Bush goes on to invoke Korea:

“The defence strategy that refused to hand the South Koreans over to a totalitarian neighbour helped raise up an Asian Tiger that is a model for developing countries across the world, including the Middle East.”

Um, another “apples to oranges” comparison. First one has to ignore the US’s ignominious and undemocratic role in creating a divided Korea in the first place. Second, we did not invade and occupy South Korea, we defended them from invasion by a neighbouring state both during the war and afterwards. Lastly, a point that needs be made, we were protecting a brutal military dictatorship in South Korea, that managed to transform into a democracy without any help from the USA. Some would even argue that it’s high time that we withdrew from South Korea, could we put that on the table for debate?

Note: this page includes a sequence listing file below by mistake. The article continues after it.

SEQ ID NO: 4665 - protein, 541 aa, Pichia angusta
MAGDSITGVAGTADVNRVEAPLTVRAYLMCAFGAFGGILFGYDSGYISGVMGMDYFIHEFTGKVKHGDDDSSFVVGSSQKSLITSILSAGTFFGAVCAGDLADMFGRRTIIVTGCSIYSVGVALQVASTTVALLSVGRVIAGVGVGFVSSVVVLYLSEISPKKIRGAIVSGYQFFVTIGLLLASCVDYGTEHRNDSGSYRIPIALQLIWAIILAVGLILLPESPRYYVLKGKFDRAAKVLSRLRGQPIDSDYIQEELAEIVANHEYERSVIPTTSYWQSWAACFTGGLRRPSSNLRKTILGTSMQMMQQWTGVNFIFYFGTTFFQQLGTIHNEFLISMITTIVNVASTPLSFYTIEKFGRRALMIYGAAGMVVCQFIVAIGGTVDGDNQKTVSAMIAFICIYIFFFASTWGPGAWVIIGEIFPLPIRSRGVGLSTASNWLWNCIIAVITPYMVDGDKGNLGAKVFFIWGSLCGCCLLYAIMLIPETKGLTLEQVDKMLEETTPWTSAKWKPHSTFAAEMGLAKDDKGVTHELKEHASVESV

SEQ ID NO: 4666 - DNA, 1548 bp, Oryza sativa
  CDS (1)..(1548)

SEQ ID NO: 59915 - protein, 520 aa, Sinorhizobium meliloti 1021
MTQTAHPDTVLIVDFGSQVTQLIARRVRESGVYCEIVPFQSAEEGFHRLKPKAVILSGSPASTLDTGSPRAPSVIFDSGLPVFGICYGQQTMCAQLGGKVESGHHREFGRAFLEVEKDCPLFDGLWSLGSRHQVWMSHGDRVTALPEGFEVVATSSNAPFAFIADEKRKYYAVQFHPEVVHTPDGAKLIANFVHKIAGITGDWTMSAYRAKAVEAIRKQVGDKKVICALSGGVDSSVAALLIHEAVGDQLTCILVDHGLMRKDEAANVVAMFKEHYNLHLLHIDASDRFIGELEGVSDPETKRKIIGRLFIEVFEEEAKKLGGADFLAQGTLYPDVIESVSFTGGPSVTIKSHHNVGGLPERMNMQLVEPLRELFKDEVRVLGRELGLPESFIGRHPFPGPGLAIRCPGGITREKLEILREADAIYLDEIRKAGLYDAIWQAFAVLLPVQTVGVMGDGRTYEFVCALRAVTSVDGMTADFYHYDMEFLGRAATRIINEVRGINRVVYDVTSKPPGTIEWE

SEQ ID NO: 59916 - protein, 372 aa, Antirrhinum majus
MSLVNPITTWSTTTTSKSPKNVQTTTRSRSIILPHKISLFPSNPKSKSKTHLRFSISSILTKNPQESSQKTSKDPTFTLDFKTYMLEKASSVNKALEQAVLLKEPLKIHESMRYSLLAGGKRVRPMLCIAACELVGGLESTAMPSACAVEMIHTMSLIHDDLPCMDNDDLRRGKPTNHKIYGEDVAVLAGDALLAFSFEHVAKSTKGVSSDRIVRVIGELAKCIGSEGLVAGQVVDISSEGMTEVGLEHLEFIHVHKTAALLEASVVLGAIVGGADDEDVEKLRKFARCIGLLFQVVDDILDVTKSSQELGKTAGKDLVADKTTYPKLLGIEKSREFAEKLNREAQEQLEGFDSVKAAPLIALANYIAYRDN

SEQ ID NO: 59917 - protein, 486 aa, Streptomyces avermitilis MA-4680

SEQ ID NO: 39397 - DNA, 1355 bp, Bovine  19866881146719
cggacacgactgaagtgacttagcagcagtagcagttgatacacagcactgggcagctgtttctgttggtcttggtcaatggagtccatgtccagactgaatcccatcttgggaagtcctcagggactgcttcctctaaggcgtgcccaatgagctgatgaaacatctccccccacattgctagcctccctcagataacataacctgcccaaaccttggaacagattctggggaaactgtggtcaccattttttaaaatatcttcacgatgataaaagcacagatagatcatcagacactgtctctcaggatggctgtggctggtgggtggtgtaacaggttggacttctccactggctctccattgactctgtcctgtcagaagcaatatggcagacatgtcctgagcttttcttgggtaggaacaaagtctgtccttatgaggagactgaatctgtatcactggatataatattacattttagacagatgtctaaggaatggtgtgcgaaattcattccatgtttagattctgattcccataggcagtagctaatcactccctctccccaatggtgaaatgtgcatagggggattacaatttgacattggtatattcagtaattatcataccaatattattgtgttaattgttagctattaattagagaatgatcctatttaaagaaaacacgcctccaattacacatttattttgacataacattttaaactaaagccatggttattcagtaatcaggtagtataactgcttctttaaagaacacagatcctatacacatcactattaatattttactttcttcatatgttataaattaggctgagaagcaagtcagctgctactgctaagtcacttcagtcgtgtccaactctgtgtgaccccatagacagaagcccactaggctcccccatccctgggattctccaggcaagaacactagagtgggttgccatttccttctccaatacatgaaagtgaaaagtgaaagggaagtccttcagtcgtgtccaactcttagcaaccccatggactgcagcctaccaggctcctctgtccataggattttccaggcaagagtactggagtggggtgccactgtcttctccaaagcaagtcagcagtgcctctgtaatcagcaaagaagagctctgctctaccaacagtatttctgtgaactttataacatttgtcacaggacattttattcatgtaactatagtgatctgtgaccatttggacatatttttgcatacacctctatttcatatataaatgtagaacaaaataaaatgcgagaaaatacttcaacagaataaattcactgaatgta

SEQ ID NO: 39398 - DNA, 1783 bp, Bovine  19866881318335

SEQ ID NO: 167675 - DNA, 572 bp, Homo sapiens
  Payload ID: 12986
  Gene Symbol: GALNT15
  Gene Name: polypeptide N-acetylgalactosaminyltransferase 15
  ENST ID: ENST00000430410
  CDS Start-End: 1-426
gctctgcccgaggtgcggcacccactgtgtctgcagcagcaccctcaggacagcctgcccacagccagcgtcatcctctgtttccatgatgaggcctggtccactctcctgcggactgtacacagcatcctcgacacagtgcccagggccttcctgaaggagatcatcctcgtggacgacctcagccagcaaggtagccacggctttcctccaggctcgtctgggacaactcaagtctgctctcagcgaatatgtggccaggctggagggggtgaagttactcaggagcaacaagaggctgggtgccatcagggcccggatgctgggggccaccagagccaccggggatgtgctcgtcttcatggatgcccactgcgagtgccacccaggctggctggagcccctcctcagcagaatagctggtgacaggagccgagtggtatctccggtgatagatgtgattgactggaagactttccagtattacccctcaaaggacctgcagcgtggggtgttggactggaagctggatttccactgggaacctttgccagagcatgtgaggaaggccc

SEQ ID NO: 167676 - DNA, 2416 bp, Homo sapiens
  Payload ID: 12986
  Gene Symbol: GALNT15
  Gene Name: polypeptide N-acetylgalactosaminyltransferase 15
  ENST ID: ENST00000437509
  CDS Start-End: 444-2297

If this is Bush’s idea of providing historical justification for remaining in Iraq, I am underwhelmed. It’s hard to avoid the conclusion that he is either unfamiliar with history or deliberately misusing it to make his case. I can think of better examples for heaven’s sake, the Philippines or Puerto Rico for starters. I can only assume that his examples were chosen because they represented such extremes of both positive and negative, and he is hoping that the typical American will not be able to see how tortured and inaccurate they are as historical analogies. Speaking logically what Bush is mostly doing is called observational selection or “counting the huts and ignoring the misses,” with some slippery slope arguments thrown in or implied.